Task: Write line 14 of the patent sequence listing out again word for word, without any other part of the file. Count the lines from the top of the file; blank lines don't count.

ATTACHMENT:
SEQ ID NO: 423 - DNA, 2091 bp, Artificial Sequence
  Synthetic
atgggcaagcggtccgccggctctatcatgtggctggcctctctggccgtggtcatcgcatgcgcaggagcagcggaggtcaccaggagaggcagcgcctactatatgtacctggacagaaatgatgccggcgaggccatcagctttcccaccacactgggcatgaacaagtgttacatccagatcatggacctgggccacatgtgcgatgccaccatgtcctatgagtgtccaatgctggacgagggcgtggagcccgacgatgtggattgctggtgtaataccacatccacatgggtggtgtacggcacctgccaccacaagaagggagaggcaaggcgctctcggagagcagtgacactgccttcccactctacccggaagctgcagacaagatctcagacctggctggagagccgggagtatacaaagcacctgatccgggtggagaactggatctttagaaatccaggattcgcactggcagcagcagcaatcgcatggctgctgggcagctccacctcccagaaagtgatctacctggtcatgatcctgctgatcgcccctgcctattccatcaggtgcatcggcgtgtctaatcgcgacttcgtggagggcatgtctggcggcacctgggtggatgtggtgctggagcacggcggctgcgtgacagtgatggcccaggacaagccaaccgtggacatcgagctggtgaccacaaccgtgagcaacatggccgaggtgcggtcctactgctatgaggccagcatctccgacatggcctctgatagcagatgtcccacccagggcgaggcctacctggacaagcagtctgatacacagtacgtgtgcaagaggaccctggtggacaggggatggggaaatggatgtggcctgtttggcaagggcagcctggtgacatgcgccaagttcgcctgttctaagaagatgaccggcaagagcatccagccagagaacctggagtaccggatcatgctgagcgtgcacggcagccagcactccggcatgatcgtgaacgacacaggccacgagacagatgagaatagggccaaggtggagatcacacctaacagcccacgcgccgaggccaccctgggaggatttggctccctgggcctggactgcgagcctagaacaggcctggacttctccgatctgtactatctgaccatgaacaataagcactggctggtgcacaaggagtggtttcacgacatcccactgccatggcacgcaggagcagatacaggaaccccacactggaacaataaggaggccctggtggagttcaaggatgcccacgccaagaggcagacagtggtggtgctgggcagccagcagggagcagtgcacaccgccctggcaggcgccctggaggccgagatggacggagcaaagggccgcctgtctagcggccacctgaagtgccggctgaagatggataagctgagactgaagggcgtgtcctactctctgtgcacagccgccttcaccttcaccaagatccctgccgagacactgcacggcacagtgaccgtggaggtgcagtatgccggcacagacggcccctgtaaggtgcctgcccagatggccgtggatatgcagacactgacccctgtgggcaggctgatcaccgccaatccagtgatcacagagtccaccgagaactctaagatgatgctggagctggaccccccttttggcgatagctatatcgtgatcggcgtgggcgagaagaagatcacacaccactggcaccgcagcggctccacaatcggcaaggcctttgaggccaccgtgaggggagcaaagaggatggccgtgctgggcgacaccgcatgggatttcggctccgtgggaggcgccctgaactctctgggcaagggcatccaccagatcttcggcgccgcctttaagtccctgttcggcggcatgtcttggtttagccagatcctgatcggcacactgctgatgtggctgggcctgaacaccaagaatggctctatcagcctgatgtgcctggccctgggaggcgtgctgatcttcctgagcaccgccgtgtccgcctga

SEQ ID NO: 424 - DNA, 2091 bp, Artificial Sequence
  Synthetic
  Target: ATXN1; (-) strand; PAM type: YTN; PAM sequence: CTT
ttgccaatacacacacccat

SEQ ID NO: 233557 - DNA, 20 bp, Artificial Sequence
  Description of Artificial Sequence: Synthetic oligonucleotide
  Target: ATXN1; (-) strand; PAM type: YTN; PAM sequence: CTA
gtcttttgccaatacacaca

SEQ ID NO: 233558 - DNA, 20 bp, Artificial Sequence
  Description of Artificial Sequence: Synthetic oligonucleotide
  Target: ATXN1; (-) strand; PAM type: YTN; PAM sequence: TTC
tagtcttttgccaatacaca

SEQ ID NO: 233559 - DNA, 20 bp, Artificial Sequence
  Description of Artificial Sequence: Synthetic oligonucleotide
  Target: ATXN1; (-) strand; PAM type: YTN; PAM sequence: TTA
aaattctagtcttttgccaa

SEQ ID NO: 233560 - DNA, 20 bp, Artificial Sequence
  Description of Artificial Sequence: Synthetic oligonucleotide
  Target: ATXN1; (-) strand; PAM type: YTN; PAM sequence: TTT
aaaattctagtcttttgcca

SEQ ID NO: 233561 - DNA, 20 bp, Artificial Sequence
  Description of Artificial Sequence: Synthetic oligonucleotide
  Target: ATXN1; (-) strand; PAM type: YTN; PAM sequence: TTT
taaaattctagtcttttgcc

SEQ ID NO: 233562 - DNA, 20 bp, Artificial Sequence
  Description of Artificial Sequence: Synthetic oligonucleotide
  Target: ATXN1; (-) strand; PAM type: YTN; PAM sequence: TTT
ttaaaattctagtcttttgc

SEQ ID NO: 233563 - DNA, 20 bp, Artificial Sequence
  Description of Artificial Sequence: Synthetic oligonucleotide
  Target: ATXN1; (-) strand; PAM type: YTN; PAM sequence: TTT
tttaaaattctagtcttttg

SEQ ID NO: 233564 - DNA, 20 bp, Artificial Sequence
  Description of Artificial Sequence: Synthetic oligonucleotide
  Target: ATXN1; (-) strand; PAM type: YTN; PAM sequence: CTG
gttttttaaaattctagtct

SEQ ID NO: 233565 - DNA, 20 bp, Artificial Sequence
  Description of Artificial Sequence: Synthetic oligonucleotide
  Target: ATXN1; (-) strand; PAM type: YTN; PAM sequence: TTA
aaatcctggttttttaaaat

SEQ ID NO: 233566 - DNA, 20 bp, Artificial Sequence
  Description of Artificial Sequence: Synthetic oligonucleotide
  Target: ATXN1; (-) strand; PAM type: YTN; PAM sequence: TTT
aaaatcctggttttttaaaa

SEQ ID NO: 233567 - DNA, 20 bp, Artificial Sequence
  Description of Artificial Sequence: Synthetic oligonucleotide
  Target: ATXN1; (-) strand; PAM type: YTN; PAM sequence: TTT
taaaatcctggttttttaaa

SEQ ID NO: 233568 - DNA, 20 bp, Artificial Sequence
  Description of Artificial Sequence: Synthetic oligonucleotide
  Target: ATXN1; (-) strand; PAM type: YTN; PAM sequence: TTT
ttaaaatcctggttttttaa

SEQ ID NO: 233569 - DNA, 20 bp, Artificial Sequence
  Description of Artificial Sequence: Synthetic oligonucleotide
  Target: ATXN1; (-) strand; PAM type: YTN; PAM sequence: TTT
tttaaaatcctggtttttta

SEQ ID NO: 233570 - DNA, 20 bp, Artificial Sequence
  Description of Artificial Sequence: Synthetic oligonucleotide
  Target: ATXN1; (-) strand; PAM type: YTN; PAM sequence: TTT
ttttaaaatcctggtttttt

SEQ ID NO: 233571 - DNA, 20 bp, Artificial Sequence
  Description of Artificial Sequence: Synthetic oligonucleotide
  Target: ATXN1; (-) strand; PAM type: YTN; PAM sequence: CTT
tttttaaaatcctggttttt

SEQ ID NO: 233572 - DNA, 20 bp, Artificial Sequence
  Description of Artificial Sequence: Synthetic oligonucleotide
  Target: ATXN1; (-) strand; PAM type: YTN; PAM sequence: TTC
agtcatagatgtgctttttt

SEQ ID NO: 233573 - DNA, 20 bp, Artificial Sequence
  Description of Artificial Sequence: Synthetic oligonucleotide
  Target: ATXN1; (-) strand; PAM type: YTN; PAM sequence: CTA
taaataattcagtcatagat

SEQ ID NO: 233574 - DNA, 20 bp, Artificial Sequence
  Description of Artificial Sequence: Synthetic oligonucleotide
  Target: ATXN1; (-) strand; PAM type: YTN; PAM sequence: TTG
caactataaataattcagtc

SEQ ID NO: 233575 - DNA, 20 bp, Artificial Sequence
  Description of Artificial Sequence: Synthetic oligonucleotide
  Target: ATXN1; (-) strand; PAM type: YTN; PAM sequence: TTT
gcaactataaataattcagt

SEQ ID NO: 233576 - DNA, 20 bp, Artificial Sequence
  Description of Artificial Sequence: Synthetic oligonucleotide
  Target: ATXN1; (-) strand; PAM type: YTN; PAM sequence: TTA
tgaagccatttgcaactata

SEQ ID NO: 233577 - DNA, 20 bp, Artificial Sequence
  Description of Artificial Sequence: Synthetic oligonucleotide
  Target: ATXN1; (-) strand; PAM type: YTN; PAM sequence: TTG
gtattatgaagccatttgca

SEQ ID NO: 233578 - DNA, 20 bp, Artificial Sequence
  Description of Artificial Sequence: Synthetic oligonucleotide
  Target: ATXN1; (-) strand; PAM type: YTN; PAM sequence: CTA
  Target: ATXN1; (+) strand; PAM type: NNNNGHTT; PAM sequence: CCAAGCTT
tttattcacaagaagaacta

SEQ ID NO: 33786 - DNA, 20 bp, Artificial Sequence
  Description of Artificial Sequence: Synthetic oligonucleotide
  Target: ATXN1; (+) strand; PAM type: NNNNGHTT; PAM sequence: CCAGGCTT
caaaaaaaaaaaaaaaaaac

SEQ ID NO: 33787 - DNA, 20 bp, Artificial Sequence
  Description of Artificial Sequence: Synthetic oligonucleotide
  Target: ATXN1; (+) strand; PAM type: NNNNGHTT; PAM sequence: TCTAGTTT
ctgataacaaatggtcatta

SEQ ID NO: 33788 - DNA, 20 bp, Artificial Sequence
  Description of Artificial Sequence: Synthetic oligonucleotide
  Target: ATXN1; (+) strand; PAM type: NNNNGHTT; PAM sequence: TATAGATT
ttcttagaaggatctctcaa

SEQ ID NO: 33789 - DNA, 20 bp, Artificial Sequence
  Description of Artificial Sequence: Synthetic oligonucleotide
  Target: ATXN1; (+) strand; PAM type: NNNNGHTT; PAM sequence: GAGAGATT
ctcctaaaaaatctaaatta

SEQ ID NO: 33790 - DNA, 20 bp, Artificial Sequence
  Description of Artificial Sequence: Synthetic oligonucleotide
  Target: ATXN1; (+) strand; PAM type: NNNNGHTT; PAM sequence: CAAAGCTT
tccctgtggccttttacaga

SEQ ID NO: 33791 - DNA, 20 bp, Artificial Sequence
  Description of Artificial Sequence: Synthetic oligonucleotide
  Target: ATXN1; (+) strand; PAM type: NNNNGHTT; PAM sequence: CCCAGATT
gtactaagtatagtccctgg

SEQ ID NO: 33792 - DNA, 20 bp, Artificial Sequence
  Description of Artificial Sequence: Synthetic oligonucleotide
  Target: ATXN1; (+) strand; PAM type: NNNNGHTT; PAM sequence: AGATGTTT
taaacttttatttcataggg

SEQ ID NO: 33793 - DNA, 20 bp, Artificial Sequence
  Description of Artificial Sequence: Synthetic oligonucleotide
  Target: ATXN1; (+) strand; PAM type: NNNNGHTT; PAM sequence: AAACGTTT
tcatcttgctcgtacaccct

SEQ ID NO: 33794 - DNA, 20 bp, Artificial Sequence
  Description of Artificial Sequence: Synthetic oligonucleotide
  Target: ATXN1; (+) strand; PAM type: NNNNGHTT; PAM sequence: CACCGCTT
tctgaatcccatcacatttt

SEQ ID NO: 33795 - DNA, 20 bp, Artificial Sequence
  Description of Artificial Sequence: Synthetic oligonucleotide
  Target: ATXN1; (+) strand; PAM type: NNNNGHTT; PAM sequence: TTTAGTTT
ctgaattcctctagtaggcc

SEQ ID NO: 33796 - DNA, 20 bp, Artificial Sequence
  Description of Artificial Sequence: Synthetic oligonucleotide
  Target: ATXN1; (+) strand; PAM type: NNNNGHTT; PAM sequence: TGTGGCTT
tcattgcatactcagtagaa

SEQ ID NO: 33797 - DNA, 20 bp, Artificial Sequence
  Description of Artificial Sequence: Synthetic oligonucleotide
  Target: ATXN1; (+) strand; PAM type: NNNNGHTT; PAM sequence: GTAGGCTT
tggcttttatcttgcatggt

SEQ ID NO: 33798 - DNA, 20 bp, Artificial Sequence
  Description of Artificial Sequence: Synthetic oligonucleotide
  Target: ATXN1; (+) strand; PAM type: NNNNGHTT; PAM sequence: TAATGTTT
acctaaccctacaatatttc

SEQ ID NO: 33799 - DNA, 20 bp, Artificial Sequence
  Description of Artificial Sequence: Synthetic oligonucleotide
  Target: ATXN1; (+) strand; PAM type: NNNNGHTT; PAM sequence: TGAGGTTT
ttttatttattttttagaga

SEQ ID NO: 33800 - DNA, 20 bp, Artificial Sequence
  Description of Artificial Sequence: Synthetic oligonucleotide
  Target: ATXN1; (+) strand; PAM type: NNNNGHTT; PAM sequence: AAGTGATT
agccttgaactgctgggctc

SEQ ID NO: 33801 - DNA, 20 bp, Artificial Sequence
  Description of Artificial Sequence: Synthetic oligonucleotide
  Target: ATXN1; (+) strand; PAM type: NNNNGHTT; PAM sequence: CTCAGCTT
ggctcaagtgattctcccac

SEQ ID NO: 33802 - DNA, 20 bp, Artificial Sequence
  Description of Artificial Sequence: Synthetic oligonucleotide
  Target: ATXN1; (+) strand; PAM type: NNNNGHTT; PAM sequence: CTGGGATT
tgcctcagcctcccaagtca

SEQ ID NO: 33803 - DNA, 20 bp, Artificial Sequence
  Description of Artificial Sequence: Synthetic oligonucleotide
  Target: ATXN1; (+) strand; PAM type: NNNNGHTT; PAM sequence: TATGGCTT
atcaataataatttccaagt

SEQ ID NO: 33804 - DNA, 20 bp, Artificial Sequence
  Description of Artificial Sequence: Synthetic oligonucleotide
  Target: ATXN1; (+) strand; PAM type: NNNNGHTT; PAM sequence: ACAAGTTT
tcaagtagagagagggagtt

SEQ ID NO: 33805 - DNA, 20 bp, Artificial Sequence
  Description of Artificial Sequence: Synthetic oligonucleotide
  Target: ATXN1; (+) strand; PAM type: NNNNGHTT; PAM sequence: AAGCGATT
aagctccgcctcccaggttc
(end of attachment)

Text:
  Target: ATXN1; (-) strand; PAM type: YTN; PAM sequence: TTC